There are only three companies participating in the program at launch—Belkin, Chipolo, and VanMoof—but it’s easy to see the potential for rapid expansion. We haven’t gotten our hands on a Find My device to test yet, but it appears to integrate as easily as an iPhone or pair of AirPods in the Find My app. Connect the device and you’ll be able to follow its blue dot in the app, ping it if it’s lost nearby, and track it even if it loses its internet connection.
While the number of Find My-enabled partners is small at launch, the devices available are quite varied. VanMoof is selling two e-bikes (the S3 and X3) costing $2,000 each, Belkin has a pair of true wireless earbuds, and Chipolo has a circular keyring tracker that’s not unlike the AirTag rumors. Apple has already teased more partners are on the way, and developers of all sizes have to be intrigued.
I still expect Apple’s trackers to arrive at some point this year, but after this week’s announcement, I don’t know how necessary they’ll be. AirTags were always going to be something of a tough sell, and now that third-party devices can tap into Find My without a dongle, it’s even harder. The arrival of Find My for third-party devices doesn’t just blunt the impact of AirTags, it makes them largely irrelevant before they even arrive.
Replacing the need for a tag
Old devices won’t be able to be updated to add Find My support, but it also doesn’t appear as though Find My carries any sort of expense for manufacturers. For example, the same VanMoof bikes that now have Find My support cost the same as before, and while the upcoming $99 Belkin Freedom True Wireless Earbuds do carry a premium over the $60 Soundform buds, they also bring better battery life, noise cancellation, aptX audio, wireless charging, and automatic ear detection in addition to Find My tracking.
These are the types of devices that would have been tailor-made for AirTags, but with Find My built into them, that makes a standalone Bluetooth tracker irrelevant. And while these devices are at the higher end of the spectrum, it’s easy to see dozens, if not hundreds of Find My devices available by year’s end. And if we can just buy a Find My device, why would we buy a tracker, even if it is made by Apple?
Of course, there are always keys and backpacks, and luggage that can be lost, and the Chipolo One Spot tracker, which doesn’t have pricing or availability yet, is banking on Find My integration to sell a special-edition black tracker. Even without Apple’s trademark design, it’s hard not to see the One Spot as a direct competitor to AirTags, whenever they launch. And it would be a curious move for Apple to sell a competing tracker before one of its launch partners. Assuming they cost roughly the same, anyone interested in the Chipolo tracker would undoubtedly choose an AirTag instead, especially if they cost the same, as has been rumored.
Software is the key
We knew Apple’s Find My network and item support was coming in iOS 14, but the clues seemed to suggest that it was for AirTags rather than third-party support. It makes much more sense to build Find My into devices rather than force people to attack a clunky dongle to everything, and the more devices that sign up for the program, the less necessary Bluetooth trackers become.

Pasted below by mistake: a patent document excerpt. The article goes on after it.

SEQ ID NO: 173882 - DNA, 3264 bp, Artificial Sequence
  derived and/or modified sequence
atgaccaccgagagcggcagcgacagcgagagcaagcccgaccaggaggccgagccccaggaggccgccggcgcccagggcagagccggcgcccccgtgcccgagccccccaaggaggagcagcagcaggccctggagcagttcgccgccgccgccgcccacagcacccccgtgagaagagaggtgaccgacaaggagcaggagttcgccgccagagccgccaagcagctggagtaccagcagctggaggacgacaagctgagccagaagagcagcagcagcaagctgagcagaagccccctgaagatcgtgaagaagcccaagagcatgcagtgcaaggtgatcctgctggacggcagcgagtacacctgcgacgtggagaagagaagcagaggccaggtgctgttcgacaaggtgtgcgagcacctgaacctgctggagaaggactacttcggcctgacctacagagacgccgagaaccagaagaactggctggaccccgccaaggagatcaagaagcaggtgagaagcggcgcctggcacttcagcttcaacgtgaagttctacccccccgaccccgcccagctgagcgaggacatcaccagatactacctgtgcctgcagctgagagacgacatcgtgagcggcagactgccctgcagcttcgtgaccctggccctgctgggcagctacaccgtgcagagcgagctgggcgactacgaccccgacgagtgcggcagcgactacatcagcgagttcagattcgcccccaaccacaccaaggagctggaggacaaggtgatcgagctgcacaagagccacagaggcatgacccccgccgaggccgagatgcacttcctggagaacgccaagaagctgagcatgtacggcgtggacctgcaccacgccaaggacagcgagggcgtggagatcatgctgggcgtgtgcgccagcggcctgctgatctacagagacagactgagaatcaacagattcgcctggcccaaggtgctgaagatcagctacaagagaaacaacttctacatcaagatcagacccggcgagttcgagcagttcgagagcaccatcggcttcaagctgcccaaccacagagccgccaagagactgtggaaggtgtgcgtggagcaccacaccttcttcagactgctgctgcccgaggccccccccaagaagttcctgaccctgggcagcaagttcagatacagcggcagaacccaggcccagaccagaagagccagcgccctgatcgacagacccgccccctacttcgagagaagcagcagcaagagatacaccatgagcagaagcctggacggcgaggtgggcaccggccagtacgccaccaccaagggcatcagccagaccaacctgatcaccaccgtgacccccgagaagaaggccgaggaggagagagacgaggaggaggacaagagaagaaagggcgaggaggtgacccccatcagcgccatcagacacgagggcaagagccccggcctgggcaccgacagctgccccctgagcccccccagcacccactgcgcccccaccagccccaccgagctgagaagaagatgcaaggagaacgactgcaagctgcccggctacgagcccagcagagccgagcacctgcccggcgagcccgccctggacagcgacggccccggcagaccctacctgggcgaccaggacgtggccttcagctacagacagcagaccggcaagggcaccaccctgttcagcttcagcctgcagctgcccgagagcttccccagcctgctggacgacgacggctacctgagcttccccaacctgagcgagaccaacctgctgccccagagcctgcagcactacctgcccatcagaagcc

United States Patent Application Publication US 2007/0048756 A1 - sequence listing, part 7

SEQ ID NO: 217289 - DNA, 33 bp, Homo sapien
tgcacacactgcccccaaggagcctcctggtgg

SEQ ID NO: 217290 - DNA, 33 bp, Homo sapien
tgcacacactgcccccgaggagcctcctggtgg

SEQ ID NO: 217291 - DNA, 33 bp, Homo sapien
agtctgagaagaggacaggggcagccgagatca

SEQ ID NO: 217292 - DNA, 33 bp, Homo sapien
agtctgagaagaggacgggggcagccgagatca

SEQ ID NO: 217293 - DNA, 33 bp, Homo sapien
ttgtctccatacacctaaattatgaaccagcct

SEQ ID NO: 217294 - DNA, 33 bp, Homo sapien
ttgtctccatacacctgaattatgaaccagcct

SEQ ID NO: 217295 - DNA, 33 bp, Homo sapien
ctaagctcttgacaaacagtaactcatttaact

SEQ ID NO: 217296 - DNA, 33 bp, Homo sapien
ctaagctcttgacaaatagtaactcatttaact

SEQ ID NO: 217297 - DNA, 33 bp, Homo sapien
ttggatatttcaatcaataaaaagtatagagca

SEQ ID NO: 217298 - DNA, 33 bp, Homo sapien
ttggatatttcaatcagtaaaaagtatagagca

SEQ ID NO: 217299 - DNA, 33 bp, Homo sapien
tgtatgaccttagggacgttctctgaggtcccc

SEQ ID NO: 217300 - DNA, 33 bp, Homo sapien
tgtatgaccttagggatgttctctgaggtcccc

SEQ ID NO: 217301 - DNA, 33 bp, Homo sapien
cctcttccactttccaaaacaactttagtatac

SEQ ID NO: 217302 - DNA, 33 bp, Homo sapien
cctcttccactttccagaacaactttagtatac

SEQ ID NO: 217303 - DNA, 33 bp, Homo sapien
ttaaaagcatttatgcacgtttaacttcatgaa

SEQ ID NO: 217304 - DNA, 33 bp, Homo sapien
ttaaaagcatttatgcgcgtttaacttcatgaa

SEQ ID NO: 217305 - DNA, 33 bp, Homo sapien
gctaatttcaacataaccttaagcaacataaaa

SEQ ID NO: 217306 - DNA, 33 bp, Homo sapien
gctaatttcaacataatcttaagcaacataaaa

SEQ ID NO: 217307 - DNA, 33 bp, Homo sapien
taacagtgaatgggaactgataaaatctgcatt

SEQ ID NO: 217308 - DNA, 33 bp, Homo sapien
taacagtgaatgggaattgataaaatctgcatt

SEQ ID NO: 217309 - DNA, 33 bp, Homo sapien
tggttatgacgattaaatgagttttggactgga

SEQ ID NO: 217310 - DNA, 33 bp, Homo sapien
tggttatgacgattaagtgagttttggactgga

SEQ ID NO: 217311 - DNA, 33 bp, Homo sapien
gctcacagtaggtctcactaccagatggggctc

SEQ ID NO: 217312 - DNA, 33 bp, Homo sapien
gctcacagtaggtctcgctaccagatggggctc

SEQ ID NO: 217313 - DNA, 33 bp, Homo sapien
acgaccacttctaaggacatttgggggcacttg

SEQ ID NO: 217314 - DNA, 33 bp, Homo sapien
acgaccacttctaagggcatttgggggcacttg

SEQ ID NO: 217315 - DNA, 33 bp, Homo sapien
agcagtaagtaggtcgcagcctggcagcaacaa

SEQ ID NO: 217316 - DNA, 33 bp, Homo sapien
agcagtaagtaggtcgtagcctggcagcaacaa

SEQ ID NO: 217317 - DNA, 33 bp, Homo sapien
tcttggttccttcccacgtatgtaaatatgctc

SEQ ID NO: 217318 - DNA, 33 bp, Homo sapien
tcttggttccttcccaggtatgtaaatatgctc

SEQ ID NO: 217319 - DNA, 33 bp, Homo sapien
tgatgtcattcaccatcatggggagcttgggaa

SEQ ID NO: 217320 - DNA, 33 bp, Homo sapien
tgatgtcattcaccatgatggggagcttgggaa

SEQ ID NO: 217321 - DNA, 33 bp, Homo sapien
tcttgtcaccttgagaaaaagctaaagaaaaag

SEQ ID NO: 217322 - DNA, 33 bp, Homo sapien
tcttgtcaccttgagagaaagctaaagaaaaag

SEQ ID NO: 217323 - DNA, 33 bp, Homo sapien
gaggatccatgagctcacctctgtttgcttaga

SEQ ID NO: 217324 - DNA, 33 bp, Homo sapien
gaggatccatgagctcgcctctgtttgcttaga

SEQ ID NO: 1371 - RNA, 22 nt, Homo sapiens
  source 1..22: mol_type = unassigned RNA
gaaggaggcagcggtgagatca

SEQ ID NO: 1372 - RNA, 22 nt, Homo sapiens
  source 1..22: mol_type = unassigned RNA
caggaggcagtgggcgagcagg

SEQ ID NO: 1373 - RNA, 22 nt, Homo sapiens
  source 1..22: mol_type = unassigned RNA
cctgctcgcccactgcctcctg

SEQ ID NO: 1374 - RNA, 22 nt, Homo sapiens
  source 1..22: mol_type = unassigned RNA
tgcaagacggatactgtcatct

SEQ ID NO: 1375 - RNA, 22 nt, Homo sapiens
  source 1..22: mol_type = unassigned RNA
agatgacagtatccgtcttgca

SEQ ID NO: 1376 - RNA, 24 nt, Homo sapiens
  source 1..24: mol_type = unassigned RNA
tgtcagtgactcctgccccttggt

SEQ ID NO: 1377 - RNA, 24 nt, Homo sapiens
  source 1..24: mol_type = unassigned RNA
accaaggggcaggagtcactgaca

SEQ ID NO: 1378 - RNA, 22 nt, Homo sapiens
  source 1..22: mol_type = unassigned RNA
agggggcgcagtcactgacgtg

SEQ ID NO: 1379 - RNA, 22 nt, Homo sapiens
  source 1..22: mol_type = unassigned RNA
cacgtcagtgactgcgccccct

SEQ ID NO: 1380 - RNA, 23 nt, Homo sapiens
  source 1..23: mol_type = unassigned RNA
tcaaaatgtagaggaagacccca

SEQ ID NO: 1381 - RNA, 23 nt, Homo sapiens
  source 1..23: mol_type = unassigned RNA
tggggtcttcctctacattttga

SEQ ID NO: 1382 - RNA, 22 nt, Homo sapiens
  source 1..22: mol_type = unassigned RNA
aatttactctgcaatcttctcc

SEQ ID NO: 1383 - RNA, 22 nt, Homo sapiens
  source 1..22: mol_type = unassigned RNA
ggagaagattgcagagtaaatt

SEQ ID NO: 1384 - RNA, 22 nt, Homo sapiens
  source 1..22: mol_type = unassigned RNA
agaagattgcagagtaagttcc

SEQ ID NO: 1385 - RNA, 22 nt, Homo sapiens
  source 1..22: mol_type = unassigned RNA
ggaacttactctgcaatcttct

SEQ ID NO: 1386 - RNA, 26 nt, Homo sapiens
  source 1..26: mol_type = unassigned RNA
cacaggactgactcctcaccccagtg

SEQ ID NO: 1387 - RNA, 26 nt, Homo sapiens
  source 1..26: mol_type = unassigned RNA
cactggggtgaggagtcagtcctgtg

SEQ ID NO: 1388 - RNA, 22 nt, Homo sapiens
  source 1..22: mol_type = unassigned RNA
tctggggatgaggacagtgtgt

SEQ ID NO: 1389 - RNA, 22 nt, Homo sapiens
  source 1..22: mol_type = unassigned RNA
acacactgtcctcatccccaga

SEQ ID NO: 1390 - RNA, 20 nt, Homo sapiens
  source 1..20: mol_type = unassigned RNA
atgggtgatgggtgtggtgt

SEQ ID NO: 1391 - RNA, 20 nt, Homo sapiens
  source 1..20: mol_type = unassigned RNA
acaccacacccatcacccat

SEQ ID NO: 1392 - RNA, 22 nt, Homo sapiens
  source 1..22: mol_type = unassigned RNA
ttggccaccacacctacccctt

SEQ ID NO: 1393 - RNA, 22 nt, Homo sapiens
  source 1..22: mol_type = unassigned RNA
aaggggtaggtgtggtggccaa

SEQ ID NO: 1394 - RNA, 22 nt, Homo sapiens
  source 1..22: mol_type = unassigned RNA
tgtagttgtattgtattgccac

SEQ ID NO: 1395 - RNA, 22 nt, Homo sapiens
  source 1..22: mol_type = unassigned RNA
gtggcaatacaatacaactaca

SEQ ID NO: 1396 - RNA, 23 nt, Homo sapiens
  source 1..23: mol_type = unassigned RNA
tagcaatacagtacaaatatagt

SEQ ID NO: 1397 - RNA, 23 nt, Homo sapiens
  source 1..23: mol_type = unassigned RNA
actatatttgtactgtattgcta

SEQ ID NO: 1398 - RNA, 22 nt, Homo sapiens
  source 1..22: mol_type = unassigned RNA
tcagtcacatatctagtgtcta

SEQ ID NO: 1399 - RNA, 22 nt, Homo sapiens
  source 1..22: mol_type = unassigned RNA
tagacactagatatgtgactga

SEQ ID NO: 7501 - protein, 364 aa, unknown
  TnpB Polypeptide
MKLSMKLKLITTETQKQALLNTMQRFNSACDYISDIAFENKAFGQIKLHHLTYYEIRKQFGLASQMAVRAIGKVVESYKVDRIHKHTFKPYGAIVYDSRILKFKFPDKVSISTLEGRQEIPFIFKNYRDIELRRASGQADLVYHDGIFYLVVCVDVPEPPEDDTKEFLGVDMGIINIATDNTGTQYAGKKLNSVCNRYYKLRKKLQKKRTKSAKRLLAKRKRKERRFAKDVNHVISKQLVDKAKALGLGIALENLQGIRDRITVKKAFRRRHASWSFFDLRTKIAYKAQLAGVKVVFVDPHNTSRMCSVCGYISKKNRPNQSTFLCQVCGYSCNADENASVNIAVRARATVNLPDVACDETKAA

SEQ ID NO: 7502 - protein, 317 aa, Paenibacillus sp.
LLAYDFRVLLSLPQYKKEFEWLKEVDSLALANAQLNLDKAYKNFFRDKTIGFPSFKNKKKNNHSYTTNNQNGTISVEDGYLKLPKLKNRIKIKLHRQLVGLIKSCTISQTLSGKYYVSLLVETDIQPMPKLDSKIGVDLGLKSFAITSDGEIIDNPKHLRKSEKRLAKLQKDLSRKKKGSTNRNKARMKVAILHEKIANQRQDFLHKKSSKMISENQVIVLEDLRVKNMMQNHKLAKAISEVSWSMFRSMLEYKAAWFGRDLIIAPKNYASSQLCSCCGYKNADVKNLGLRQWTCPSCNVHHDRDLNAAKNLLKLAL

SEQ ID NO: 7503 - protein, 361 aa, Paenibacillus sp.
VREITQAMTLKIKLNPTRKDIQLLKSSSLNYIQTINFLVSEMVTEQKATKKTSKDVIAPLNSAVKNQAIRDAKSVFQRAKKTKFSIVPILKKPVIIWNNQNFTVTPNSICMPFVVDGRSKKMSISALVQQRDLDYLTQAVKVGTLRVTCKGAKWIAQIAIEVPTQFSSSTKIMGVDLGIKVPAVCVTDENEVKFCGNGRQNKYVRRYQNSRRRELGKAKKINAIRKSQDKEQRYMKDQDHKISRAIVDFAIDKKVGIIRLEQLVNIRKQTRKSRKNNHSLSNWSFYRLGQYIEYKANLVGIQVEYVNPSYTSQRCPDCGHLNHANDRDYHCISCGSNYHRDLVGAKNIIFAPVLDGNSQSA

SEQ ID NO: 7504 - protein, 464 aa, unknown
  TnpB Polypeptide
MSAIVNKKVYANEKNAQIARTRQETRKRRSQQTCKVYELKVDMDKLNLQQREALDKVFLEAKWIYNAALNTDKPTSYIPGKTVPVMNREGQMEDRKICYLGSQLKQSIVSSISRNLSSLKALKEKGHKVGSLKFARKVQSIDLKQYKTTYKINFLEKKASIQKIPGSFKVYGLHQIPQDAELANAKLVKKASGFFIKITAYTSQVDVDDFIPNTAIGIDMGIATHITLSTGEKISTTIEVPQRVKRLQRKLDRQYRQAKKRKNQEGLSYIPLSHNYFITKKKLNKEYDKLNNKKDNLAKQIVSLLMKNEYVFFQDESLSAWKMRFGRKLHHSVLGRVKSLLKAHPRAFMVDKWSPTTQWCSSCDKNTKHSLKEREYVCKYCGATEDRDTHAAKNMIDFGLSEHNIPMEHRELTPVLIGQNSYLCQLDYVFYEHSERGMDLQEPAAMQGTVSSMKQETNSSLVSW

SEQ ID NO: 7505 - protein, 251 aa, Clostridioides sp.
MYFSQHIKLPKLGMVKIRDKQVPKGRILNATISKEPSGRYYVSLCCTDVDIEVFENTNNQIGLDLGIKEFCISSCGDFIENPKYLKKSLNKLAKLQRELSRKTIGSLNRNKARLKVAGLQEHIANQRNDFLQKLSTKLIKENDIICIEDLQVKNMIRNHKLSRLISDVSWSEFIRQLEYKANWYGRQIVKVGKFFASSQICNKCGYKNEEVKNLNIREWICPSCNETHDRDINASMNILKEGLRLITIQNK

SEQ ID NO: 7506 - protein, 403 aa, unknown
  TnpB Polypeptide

What’s more, if one Bluetooth tracker is already launching, there will certainly be more to follow. Some will be cheaper, some will bring an elegant design, and all of them will put pressure on AirTags to succeed. As best I can tell, AirTags won’t be able to do anything that the Chipolo One Spot can’t other than possible UWB tracking. (It’s not clear whether the One Spot will bring ultra wideband support since the draft spec hasn’t been released yet, but AirTags almost certainly will.)
Don’t get me wrong—I think the new Find My program is fantastic. Apple’s tracking system for its devices is second to none, and bringing that same level of privacy and encryption to third-party devices is a real win for consumers. More than the Made for MagSafe or even Made for iPhone, Works with Apple Find My will give consumers a real advantage over products that don’t, especially if they cost similar to devices without it.
But I don’t know about AirTags anymore. Given the choice between devices that don’t need dongles and a tracker that looks and acts very much like the rumored AirTags, Apple’s trackers are looking pretty irrelevant, especially as more Find My devices arrive. Apple’s trackers will likely be prettier, but otherwise, what’s really the point? The main advantage of AirTags over Tile and other trackers is the integration with Find My and tapping into the larger iPhone-based network, so if other devices can already do that, why bother dropping a bunch of money on an AirTag?
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Michael Simon has been covering Apple since the iPod was the iWalk. His obsession with technology goes back to his first PC—the IBM Thinkpad with the lift-up keyboard for swapping out the drive. He's still waiting for that to come back in style tbh.